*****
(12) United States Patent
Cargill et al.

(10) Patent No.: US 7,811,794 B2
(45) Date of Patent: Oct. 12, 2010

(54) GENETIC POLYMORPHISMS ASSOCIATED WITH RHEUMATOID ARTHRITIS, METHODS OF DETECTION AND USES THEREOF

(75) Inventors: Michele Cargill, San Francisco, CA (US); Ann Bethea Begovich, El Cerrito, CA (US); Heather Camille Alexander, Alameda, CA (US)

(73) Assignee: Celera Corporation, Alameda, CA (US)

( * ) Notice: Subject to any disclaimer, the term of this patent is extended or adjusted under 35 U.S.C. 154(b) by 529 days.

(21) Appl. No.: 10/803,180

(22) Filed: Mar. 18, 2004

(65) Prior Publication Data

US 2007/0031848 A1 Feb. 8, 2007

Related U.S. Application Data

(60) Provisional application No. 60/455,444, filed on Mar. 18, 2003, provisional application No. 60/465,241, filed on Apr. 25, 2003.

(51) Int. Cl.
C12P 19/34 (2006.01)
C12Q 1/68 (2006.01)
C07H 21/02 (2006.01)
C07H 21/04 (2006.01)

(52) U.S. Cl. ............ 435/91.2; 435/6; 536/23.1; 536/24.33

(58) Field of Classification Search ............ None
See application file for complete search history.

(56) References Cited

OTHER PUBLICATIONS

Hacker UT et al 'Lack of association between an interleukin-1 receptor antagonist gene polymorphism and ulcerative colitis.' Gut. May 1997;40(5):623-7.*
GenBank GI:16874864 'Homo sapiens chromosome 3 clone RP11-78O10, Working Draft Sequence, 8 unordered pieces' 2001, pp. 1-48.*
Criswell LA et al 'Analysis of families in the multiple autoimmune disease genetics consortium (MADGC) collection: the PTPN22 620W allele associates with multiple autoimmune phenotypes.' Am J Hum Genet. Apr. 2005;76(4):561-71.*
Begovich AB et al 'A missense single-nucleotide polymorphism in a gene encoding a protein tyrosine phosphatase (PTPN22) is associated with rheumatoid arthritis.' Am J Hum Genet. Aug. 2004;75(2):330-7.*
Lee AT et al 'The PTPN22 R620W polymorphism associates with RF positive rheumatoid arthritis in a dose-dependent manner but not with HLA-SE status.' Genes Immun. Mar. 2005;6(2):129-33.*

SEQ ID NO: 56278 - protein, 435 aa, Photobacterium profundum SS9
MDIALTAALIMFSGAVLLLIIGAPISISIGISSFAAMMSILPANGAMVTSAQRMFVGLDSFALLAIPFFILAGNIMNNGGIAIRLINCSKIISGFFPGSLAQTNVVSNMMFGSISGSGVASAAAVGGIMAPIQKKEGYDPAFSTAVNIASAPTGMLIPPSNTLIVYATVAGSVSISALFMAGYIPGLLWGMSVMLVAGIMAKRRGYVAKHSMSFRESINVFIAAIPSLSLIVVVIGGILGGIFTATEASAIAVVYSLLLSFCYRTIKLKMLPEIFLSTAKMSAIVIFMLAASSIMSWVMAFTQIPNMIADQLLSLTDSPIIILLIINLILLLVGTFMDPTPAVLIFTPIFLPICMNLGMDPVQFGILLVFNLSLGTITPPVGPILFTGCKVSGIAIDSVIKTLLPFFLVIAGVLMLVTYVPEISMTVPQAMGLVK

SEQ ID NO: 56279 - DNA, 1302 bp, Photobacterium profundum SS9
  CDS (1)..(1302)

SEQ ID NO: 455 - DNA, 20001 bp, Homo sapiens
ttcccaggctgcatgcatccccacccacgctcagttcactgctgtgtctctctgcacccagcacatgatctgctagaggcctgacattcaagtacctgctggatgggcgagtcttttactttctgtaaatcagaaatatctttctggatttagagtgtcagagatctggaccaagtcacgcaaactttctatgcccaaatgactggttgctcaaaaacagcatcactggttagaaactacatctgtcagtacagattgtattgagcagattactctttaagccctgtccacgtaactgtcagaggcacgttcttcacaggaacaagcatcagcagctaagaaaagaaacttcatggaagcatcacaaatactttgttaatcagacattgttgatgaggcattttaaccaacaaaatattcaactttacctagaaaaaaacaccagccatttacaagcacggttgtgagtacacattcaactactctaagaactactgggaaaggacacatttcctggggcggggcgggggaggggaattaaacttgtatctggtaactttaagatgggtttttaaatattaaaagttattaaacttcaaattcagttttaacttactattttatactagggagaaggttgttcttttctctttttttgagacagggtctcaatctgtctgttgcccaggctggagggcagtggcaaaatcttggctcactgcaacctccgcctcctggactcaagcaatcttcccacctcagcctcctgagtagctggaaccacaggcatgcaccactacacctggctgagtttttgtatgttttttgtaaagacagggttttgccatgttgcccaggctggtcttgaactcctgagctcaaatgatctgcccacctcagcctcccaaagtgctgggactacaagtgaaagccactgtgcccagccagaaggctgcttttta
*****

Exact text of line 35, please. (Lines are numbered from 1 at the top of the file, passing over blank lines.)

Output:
ttcccaggctgcatgcatccccacccacgctcagttcactgctgtgtctctctgcacccagcacatgatctgctagaggcctgacattcaagtacctgctggatgggcgagtcttttactttctgtaaatcagaaatatctttctggatttagagtgtcagagatctggaccaagtcacgcaaactttctatgcccaaatgactggttgctcaaaaacagcatcactggttagaaactacatctgtcagtacagattgtattgagcagattactctttaagccctgtccacgtaactgtcagaggcacgttcttcacaggaacaagcatcagcagctaagaaaagaaacttcatggaagcatcacaaatactttgttaatcagacattgttgatgaggcattttaaccaacaaaatattcaactttacctagaaaaaaacaccagccatttacaagcacggttgtgagtacacattcaactactctaagaactactgggaaaggacacatttcctggggcggggcgggggaggggaattaaacttgtatctggtaactttaagatgggtttttaaatattaaaagttattaaacttcaaattcagttttaacttactattttatactagggagaaggttgttcttttctctttttttgagacagggtctcaatctgtctgttgcccaggctggagggcagtggcaaaatcttggctcactgcaacctccgcctcctggactcaagcaatcttcccacctcagcctcctgagtagctggaaccacaggcatgcaccactacacctggctgagtttttgtatgttttttgtaaagacagggttttgccatgttgcccaggctggtcttgaactcctgagctcaaatgatctgcccacctcagcctcccaaagtgctgggactacaagtgaaagccactgtgcccagccagaaggctgcttttta